Deep South deep freeze thaws today

djournal-weather-winterBy Robbie Ward, Errol Castens and JB Clark

Daily Journal

TUPELO – Most of Northeast Mississippi awoke Tuesday with temperatures in single-digit readings.

Tupelo reached 7 degrees, Corinth bottomed out at 5 and Oxford went all the way to 4, according to National Weather Service readings. Although they were the lowest temperatures in the area on any date since at least 1996, the record low for the date was minus 2 degrees, set in 1912, according to meteorologist Zach Maye of the National Weather Service in Memphis.

Forecasters expect the weather to warm above freezing today for the first time since Sunday, but a taste of treacherous weather could return tonight.

“There could be some light freezing rain,” said Kati McNeil, also an NWS-Memphis forecaster. “This is going to be really light precipitation.”

As a weak upper-level disturbance crosses the region tonight and Thursday morning, precipitation ahead of it will fall through the Arctic air already in place. Temperatures will likely be in the upper 20s to low 30s tonight, but by noon Thursday the area is expected to be above freezing, with precipitation changing over to all rain. Precipitation amounts appear light, but enough to possibly make travel hazardous, according to Weather Service reports.

Monday night’s cold affected some customers of Tombigbee Electric Power Association and Tupelo Water & Light.

Bill Long, Tombigbee EPA’s general manager, said about 3,000 customers in the company’s service area including Mooreville, Eggville and the Auburn community were affected between early Monday evening and 1:30 a.m. Tuesday. Another 50 residential customers in scattered areas had outages during a two-hour period Tuesday morning.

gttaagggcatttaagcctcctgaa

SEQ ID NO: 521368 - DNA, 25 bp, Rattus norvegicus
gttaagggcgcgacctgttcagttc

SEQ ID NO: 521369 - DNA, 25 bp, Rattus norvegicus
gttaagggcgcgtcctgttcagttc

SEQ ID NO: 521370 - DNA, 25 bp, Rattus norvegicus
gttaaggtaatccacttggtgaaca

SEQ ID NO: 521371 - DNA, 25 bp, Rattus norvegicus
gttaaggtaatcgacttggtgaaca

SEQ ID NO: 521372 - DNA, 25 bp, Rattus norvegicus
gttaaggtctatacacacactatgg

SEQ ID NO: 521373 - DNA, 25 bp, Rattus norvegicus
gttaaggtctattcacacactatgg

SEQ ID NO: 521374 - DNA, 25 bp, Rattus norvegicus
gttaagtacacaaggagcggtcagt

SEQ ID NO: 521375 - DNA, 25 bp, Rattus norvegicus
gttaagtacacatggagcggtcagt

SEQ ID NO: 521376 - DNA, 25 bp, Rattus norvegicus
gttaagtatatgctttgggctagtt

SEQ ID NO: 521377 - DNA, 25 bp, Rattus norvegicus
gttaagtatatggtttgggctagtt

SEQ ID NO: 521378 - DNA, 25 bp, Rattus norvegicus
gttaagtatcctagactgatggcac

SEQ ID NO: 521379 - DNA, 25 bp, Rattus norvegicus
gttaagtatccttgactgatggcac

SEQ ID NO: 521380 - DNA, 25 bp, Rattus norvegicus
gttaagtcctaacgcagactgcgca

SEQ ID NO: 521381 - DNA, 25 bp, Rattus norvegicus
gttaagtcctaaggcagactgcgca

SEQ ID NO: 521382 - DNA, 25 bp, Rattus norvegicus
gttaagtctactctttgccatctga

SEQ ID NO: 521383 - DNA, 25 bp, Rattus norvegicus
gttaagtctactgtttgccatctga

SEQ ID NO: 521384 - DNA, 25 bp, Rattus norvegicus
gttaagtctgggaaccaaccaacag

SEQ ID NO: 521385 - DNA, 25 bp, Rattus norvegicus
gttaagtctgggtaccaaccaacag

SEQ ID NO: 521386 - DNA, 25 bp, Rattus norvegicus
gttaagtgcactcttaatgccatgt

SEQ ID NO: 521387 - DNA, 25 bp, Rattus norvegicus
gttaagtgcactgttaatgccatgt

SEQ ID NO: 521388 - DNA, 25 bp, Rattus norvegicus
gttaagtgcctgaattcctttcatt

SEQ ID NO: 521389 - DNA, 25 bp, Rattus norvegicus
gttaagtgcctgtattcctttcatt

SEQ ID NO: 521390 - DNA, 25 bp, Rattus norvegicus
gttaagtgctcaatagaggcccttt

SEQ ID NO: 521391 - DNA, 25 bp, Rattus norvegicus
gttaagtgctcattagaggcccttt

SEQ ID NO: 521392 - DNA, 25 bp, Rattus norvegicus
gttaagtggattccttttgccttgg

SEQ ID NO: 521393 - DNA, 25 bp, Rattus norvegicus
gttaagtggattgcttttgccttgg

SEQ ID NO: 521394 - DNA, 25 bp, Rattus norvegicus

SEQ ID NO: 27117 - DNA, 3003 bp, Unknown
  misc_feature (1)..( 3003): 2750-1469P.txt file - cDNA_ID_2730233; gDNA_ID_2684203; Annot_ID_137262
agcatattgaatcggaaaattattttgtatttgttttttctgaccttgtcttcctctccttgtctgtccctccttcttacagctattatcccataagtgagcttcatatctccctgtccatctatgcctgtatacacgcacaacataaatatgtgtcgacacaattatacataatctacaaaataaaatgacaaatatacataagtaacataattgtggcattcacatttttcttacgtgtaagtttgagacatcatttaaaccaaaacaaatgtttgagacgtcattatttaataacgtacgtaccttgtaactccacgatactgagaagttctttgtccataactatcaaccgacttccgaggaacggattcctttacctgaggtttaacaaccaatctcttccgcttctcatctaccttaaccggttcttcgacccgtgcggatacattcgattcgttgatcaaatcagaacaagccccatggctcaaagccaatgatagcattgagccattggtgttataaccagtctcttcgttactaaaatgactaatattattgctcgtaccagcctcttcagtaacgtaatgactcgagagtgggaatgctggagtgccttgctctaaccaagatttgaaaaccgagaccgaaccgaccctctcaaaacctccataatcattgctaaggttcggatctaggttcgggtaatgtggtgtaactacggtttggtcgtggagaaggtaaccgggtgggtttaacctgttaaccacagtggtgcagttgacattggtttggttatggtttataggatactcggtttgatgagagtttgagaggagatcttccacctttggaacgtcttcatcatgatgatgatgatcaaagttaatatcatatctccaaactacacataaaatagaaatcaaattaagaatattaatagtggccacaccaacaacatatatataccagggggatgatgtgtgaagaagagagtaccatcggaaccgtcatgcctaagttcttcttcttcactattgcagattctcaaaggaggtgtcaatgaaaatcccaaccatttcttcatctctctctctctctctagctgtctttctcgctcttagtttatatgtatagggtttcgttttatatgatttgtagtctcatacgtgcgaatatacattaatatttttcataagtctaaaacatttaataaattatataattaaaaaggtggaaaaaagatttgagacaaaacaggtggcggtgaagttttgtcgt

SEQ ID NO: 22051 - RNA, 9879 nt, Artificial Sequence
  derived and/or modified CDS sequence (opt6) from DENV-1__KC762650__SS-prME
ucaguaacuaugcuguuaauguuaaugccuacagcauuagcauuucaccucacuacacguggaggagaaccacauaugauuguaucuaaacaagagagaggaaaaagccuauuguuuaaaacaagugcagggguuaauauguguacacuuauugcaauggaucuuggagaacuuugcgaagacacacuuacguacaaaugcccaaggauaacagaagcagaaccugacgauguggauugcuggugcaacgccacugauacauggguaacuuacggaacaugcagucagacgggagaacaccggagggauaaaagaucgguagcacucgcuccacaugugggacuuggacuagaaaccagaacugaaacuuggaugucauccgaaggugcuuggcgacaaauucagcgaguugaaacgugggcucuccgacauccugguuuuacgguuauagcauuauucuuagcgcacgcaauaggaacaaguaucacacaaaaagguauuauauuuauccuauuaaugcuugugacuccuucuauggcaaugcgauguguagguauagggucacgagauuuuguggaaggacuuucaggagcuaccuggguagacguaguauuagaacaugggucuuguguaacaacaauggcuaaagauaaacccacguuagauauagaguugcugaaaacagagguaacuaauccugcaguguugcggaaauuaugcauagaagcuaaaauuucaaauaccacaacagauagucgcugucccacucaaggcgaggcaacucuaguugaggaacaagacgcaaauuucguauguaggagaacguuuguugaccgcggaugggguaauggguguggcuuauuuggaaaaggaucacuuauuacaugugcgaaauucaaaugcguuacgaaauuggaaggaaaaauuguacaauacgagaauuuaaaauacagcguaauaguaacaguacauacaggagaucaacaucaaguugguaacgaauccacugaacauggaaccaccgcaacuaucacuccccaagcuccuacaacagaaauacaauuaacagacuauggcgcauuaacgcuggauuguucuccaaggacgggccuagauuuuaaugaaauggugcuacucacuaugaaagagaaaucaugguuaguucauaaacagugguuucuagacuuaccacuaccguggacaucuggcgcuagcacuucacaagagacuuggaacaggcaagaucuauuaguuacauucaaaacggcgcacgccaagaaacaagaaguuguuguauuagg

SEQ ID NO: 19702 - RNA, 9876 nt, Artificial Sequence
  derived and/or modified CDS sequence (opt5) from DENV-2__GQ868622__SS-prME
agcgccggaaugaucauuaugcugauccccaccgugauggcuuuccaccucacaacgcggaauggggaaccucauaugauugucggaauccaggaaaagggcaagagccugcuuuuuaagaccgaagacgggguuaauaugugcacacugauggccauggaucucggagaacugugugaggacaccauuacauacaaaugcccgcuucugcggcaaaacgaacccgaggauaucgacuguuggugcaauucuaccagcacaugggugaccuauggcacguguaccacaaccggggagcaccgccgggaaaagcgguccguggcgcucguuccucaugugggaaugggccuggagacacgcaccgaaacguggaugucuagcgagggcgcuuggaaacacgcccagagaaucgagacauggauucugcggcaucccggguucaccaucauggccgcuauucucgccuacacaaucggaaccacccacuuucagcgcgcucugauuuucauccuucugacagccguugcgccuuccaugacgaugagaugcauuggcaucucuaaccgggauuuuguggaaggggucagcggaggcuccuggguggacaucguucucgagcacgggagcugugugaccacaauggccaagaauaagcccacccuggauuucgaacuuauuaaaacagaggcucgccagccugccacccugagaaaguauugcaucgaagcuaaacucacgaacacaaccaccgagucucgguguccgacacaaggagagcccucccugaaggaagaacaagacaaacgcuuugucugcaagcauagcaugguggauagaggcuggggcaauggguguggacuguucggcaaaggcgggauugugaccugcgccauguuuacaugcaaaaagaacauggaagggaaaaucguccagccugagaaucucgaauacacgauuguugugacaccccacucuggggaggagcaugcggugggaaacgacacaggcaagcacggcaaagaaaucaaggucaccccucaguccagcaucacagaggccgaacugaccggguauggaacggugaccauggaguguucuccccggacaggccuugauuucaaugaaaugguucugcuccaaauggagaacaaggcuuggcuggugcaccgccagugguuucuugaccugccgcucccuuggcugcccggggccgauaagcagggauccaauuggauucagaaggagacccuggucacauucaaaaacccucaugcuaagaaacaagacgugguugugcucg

“They weren’t all out that long,” Long said. “Some had outages for a half-hour or so.”

Tupelo Water & Light Superintendent Johnny Timmons said the severe cold caused a water main to break at 2 a.m. Tuesday on South Green Street just south of Gloster Street.

“The pipe just snapped,” Timmons said.

TW&L was one of several electric utilities that experienced scattered outages attributed to the cold.

Timmons said that as ice begins to thaw, some residents will have water leaks from broken pipes. He said residents who anticipate burst pipes can call TW&L to have their water temporarily turned off to prevent flooding or excessive water flow until repairs are made.

Public Service Commissioner Brandon Presley said natural gas utilities experienced low pressure in Tupelo and DeSoto County for a short times on Tuesday.

“It was just a little bit of a system overload,” he said.

Pontotoc County Emergency Management Director Rickey Jaggers said Mud Creek Water Associations in northwest Pontotoc County put customers on notice due to problems caused by the extreme cold.

“They had a pump control panel freeze up, so it dropped pressure on the system,” Jaggers said. “They issued a precautionary boil-water notice to their customers.” Mud Creek Water Association No. 1 and No. 2 have a combined customer base of about 1,850.

At Mississippi State University, freezing of fire suppression systems caused extensive damage in Ruby Hall, university spokesman Sid Salter said. Oak Hall and Magnolia Hall, the campus’ two newest housing facilities, were impacted. Officials expect the damage to affect some 450 of the 4,000 students who live on campus.

The extended freeze has kept many Lee County firefighters busy. Tupelo Fire Chief Thomas Walker said his department responded to three fires between Monday and Tuesday and many more alarm calls.

“The lower (the temperature) gets and the longer it stays this way, the worse it will be as far as fires and burst lines go,” Walker said.

“We had a fire on Eckford Street that was a wiring issue,” he said. “And a fire at Pizzazz on West Main Street that involved using a heater to thaw out a water line. The heater got too close and caught the wood on fire.” Walker said none of the damage was major thus far.

The fire department was dispatched to multiple calls involving sprinkler lines bursting. When the sprinkler lines burst, a flow alarm is triggered and the fire department is notified.

In Guntown, firefighters fought two fires between Monday and Tuesday, both total losses. Guntown Fire Chief David Wood said the investigation into the causes of the two fires in incomplete but fires involving space heaters are common this time of year.

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